The Raptors turned the ball over 19 times, the third-straight game they were squandering away possessions. “We’ve got to figure it out now,” Lowry said of the turnovers. “Not tomorrow. Now.” Terrence Ross was a total non-factor again, benched for the final 19 minutes of the game. Amir Johnson was flat. Lowry is hurt. The offence struggled for the middle two quarters, with passing virtually disappearing for a short while. They cannot stop Joe Johnson or Deron Williams with any regularity. And yet. “There’s nothing in this game that discouraged me for our team,” Casey said. That is a decidedly optimistic view, although with some just cause. Patrick Patterson missed two free throws with 19 seconds remaining that would have tied the game, despite a 14-point lead just four minutes earlier. Patterson called the misses his first botched free throws in clutch situation in his life. “Everybody misses free throws once in a while,” Lowry said. “That shit happens. I’m just being honest.”
We expected to learn something about how the callow Raptors would handle their first playoff game on the road, and so did they, and for 44 minutes it was neither good, nor unexpected. The Nets were better. The Nets had an extra gear. But they got pulled back, and that tells you . . . something. The Raptors didn’t defend well, turned the ball over with generosity of spirit, and spent a long time shooting poorly. Kyle Lowry tweaked his knee and came up limping, and Jonas Valanciunas limped a little later, and they both got in foul trouble. For long stretches, DeRozan was the only guy who could reliably create points, and he needed to be a volume shooter to do it. And the Raptors still delivered a monster run to pull from down 15 with 4:11 left to within one with 34.3 seconds left, despite everything. They still had a chance to tie the game with 19 seconds to go, except Patrick Patterson — terrific all night — missed two free throws. The Raptors could have won Game 3. They just didn’t.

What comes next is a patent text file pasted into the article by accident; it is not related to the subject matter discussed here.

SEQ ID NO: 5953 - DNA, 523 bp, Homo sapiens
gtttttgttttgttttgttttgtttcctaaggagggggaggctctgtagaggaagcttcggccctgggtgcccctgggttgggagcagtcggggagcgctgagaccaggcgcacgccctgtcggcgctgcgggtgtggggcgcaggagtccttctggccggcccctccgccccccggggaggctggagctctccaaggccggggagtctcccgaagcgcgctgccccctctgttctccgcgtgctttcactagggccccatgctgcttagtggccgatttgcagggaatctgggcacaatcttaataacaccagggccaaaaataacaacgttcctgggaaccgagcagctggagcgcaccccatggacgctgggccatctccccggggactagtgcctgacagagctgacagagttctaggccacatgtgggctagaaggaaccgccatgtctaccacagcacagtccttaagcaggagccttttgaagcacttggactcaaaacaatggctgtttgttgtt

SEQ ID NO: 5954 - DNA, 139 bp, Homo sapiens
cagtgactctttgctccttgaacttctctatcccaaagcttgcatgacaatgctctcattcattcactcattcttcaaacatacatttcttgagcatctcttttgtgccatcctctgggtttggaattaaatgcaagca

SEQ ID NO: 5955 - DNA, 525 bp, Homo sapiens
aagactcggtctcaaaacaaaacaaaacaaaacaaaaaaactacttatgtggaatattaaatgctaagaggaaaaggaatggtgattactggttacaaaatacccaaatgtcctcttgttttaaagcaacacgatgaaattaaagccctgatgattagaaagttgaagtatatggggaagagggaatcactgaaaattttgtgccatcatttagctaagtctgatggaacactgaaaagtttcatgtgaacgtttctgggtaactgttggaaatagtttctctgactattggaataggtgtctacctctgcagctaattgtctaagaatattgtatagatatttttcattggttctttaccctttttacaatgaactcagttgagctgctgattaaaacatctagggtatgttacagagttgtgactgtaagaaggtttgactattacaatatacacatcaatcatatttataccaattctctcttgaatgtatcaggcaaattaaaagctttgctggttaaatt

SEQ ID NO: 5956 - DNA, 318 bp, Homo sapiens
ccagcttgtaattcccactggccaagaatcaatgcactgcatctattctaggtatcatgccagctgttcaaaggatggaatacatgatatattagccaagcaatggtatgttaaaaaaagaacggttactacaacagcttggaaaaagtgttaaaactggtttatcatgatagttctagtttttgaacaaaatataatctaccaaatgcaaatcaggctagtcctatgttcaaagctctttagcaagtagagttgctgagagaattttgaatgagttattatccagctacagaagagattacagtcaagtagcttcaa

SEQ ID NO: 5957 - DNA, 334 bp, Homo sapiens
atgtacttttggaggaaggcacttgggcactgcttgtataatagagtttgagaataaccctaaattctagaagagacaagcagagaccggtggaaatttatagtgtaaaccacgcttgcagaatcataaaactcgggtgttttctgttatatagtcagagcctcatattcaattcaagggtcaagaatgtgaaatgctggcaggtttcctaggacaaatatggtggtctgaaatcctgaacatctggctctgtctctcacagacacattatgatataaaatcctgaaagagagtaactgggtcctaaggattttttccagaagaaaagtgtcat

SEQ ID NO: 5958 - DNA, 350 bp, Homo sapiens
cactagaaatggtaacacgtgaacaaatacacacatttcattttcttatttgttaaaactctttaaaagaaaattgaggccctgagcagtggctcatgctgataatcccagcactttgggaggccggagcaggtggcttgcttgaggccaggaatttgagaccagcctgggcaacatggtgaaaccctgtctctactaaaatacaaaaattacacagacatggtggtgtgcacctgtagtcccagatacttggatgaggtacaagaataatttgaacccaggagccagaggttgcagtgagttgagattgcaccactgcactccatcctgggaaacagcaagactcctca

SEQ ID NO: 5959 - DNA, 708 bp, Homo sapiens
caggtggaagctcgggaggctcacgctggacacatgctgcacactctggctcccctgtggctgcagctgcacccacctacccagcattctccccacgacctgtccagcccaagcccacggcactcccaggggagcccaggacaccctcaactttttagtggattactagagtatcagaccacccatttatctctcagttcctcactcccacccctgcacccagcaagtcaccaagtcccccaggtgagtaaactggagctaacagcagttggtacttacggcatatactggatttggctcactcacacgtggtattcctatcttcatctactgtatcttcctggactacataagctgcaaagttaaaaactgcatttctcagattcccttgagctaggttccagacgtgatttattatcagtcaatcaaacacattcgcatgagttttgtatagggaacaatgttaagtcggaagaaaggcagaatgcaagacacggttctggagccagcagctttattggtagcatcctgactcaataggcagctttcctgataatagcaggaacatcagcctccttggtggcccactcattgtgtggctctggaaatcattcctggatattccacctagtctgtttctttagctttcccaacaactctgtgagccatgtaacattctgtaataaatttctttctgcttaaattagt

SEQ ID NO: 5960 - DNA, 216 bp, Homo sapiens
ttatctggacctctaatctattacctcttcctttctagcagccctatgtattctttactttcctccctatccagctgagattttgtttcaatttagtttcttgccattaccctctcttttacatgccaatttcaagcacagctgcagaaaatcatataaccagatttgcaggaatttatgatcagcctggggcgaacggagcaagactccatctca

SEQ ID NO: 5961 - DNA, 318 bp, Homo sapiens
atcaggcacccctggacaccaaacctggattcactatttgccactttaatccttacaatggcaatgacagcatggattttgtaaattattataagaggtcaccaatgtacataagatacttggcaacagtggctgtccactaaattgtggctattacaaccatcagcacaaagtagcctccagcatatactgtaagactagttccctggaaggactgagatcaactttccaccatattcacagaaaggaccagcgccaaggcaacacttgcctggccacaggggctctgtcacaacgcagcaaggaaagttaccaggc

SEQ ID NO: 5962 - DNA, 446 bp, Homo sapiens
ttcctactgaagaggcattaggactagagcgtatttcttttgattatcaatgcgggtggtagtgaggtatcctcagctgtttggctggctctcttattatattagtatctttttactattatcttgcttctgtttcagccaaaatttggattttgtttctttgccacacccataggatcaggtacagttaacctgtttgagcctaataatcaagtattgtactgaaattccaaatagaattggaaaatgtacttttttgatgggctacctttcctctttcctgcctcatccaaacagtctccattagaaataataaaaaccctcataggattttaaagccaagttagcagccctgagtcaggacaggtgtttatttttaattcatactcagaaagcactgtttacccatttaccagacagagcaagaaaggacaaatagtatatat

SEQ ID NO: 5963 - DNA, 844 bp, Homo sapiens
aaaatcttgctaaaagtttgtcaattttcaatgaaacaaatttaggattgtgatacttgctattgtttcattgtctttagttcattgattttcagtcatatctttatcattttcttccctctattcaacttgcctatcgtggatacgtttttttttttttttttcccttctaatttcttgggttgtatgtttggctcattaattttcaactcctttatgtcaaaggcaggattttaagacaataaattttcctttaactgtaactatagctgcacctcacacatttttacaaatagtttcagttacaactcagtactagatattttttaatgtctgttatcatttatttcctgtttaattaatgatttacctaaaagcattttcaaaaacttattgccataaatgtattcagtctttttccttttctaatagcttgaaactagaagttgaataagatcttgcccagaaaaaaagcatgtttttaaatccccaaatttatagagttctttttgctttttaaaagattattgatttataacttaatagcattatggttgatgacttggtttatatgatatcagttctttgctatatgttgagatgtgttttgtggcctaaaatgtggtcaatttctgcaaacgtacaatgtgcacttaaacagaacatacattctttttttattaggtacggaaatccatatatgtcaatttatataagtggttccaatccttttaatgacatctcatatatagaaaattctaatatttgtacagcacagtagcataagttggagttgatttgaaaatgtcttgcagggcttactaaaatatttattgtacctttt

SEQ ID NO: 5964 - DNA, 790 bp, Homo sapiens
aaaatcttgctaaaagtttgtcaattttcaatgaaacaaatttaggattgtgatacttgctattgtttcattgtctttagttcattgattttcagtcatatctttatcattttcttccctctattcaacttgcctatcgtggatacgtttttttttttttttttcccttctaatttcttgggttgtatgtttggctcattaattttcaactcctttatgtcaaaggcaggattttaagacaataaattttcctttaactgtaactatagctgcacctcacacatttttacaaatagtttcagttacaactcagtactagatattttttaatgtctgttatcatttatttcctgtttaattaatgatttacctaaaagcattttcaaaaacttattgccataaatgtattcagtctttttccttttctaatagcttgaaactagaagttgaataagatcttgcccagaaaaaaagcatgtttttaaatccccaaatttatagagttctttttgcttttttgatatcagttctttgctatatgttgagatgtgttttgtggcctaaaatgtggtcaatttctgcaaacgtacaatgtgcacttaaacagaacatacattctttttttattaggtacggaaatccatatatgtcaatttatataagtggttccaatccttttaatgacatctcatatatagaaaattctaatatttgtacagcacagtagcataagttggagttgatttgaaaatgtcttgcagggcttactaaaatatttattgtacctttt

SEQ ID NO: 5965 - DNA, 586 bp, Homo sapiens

Well, iso-ball returned with a vengeance in Game 3 of this series. It was survivable in the first half because DeRozan had it going, scoring 15 points on 5-of-9 shooting with a team-leading three assists, helping his team enter the break down just four, despite another 10 turnovers. In the third, though, the Raptors fell apart, largely because the offence returned to the bad old days. DeRozan attempted six of his team’s 14 shots in the frame, nearly all on jump shots, leaving his teammates largely out in the cold. There were no pick-and-rolls, little movement and the offence completely flat-lined. Head coach Dwane Casey credited Brooklyn’s defending for forcing the offence into the trouble, but said his team has to find a counter.
So they approached with trepidation, but no fear. “We went in here tonight thinking we would win this game,” said Lowry. “And I think we’re going to win on Sunday too.” It’s getting harder to argue against them. The Raptors haven’t played well yet – they made another 19 turnovers to push their three-game total to 59. They shot just 7-of-22 from the three point line and are now 17-of-61 for the series, or 28 per cent. They are getting absolutely nothing from their two guard, Terrence Ross, who was invisible again Friday and all the more conspicuous for it because his counterpart, the Nets 13-year veteran Joe Johnson, scored a very easy looking 29 points. It stands to reason that a little improvement in any or all of those areas could put the Raptors in position to return to Toronto for Game 5 on Wednesday tied 2-2. That they were down by 15 points with just less than six minutes to play can’t be overlooked. That they came back can’t be ignored either.
“It’s pretty physical but, at the same time, you can’t be too physical because I tried doing that and almost fouled out,” he said Friday following the morning shootaround. “You just have to try and match it.” And forget about getting any indication from where the line is between foul and just physical play from anyone else. “You can’t get the same calls vets get, especially your second year in the league,” Ross said sounding much wiser than his 23 years. Ross doesn’t need anyone to recite his stats over the first two games. He’s well aware he’s shooting just 16.7% from the floor and has made exactly one three in nine attempts from beyond the arc.